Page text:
I hate war. I know it is necessary for the preservation of freedoms and withstanding tyranny, but it is an awful thing. All these lives given, mostly to stop some power hungry leader from ruining things. Yet, in all its nastiness, war is a reminder of what matters most. To see men set off, willing (sometimes unwilling) to die for a greater good demands that we ourselves consider what is most precious to us. "Greater love hath no man than this, that a man lay down his life for his friends." (John 15:13) War calls to the finer things in us. Raises us above the pettiness that cannot help but bind us as we live life.
I love Rupert Brooke. The English soldier poet from World War I.
Blow out, you bugles, over the rich Dead!
There's none of these so lonely and poor of old,
But, dying, has made us rarer gifts than gold.
These laid the world away; poured out the red
Sweet wine of youth; gave up the years to be
Of work and joy, and that unhoped serene,
That men call age; and those who would have been,
Their sons, they gave, their immortality.
Blow, bugles, blow! They brought us, for our dearth,
Holiness, lacked so long, and Love, and Pain.
Honour has come back, as a king, to earth,
And paid his subjects with a royal wage;
And Nobleness walks in our ways again;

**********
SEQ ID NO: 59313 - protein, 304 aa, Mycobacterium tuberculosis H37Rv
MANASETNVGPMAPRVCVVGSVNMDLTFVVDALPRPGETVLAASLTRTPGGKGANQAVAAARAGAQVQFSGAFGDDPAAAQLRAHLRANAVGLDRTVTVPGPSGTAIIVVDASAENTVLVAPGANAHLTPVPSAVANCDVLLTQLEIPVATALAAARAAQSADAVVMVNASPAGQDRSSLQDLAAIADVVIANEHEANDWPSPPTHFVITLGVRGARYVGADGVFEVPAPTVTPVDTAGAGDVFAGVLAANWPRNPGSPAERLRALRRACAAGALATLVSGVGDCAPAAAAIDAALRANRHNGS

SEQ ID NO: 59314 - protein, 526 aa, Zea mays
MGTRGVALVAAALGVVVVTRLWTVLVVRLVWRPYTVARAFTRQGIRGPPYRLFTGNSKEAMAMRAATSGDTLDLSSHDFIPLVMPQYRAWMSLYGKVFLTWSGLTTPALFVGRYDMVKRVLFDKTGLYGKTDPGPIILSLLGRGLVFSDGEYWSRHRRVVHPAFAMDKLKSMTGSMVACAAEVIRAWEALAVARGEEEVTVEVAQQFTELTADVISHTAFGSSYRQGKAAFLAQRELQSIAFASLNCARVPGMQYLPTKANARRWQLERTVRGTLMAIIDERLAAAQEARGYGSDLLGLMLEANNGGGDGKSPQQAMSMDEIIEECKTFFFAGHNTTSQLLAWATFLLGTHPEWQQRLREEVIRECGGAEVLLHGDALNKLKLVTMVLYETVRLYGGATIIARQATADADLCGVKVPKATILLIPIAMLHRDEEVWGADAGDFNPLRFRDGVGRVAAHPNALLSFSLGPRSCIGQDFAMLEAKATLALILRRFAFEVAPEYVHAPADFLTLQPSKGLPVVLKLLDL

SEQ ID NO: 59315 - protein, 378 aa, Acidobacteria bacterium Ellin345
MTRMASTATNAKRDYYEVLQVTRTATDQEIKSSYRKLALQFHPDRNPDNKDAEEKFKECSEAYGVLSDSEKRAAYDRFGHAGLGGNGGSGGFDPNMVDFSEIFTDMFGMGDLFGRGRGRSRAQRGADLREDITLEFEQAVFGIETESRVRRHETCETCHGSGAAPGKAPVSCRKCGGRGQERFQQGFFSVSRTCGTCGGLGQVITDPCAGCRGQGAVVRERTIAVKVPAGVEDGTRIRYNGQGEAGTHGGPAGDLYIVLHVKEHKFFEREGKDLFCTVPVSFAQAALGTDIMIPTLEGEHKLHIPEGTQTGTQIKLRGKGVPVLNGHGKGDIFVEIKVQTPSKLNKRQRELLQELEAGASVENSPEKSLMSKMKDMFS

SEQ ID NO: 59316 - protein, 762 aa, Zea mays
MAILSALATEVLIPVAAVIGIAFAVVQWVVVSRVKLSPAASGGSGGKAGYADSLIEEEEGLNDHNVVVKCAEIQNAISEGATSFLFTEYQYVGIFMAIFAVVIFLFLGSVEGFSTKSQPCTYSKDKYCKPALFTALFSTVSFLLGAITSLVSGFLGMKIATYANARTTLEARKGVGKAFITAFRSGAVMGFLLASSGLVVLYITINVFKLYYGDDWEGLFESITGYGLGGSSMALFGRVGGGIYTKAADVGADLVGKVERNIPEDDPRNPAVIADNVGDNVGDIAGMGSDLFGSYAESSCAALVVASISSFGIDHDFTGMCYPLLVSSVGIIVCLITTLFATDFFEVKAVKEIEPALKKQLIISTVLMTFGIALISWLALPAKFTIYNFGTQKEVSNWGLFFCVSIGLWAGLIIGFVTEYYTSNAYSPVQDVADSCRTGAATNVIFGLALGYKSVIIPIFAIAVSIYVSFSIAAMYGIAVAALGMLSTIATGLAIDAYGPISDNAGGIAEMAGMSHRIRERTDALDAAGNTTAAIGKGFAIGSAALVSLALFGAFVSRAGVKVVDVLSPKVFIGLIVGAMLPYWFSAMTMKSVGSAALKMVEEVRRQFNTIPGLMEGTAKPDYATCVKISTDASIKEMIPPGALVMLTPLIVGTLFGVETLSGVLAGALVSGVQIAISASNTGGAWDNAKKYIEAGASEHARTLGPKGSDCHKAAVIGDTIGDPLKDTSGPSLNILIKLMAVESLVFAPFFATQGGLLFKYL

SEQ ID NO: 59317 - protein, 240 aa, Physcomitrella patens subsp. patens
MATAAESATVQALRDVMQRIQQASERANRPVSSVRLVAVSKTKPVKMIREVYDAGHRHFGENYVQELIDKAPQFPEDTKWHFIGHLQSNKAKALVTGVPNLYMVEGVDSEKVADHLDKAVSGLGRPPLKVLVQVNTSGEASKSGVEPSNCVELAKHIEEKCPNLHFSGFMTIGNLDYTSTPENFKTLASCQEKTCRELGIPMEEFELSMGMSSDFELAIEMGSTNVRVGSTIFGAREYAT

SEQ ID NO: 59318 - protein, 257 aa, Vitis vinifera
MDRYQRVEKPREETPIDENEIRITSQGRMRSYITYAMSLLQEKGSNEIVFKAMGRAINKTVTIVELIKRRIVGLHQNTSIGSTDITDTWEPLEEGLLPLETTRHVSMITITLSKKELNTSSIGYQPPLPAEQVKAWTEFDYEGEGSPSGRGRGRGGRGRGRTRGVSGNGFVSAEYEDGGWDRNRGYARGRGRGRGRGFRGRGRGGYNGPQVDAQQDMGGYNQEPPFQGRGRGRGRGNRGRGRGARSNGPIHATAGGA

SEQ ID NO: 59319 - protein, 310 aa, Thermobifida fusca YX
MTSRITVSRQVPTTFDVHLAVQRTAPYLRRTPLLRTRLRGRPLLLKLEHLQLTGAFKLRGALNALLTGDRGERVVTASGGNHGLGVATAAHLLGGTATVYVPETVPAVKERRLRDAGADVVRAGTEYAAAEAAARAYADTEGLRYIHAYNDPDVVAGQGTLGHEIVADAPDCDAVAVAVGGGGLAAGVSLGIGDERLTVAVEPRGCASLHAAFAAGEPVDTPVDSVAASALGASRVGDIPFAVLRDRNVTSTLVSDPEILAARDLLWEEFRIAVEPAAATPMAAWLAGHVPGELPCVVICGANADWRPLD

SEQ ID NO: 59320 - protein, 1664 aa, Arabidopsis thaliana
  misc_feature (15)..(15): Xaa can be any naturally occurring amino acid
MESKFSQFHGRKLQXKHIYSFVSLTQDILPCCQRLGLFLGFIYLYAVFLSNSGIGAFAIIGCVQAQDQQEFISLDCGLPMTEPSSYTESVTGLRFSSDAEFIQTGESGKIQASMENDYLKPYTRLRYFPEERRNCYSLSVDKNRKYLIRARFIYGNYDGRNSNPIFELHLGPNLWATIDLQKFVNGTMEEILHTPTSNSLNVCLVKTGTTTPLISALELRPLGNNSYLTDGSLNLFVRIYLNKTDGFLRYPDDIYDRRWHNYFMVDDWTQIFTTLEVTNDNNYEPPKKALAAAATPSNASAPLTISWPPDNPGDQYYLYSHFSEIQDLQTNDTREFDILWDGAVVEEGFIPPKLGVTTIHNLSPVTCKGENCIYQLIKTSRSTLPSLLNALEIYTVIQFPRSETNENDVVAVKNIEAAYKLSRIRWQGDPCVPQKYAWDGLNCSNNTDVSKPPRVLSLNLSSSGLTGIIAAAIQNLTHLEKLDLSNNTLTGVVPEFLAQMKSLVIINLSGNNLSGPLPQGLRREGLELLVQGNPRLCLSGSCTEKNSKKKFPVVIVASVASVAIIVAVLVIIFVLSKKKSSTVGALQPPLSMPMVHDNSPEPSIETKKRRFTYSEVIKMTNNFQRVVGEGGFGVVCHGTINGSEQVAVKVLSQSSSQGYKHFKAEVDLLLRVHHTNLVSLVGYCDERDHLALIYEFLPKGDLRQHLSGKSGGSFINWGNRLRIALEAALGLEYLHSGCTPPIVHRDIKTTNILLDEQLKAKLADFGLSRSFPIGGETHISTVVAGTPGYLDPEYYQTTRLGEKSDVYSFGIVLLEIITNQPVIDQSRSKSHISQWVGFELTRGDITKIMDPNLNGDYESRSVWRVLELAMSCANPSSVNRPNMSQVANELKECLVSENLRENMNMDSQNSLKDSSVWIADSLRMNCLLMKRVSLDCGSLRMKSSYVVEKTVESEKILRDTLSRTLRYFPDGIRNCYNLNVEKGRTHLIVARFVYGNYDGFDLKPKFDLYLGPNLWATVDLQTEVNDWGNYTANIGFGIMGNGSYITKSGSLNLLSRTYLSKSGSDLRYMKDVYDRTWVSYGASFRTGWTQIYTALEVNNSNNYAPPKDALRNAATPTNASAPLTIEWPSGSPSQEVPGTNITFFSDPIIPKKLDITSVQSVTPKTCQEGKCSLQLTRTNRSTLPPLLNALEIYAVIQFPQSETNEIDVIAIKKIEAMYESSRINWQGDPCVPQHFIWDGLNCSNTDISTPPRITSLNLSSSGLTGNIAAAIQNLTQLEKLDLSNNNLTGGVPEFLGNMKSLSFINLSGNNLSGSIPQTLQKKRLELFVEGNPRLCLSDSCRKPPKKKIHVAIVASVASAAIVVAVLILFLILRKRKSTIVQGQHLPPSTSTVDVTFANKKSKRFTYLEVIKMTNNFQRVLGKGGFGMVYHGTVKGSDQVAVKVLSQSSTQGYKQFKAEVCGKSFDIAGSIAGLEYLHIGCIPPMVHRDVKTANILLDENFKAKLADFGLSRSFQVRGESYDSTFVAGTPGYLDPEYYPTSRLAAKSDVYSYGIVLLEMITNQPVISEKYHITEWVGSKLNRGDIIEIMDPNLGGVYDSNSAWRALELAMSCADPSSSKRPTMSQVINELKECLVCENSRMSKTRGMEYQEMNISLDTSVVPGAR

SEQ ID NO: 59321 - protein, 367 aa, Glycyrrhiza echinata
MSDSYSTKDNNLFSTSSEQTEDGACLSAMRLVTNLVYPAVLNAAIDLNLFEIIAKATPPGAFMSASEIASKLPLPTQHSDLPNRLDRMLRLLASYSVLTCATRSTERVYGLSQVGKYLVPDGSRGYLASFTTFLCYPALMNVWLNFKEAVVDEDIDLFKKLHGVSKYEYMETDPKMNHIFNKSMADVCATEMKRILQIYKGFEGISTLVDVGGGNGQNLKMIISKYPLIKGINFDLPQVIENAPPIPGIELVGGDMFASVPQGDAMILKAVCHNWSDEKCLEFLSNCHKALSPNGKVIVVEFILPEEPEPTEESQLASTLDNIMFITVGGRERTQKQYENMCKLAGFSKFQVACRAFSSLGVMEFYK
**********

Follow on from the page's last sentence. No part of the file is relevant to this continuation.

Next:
And we have come into our heritage.
And then, this poem that is so beautiful about soldiers dying in foreign lands
If I should die, think only this of me:
That there's some corner of a foreign field
That is for ever England. There shall be
In that rich earth a richer dust concealed;
A dust whom England bore, shaped, made aware,
Gave, once, her flowers to love, her ways to roam,
A body of England's, breathing English air,
Washed by the rivers, blest by suns of home.
And think, this heart, all evil shed away,
A pulse in the eternal mind, no less
Gives somewhere back the thoughts by England given;
Her sights and sounds; dreams happy as her day;
And laughter, learnt of friends; and gentleness,
In hearts at peace, under an English heaven.
So much is given. Given so my kids can play without fear. So I can do as I please, within the bounds of my reality and to the beat of my own conscience.
We can't always be life changing and meaningful. There is a lot of the day to day in living life. But what am I doing with the freedom that was purchased, at such a cost, for me? I hope it is not just being wasted. I hope the men who died for that freedom would not look on my life and think, in disbelief, "I died so you could do that?"
The final verse of The Star Spangled Banner...
O thus be it ever, when freemen shall stand
Between their loved home and the war's desolation.
Blest with vict'ry and peace, may the Heav'n rescued land
Praise the Power that hath made and preserved us a nation!
Then conquer we must, when our cause it is just,
And this be our motto: "In God is our trust."
And the star-spangled banner in triumph shall wave
O'er the land of the free and the home of the brave!
So thankful for the freemen who have stood between America and war's desolation. And those today, that are still protecting America.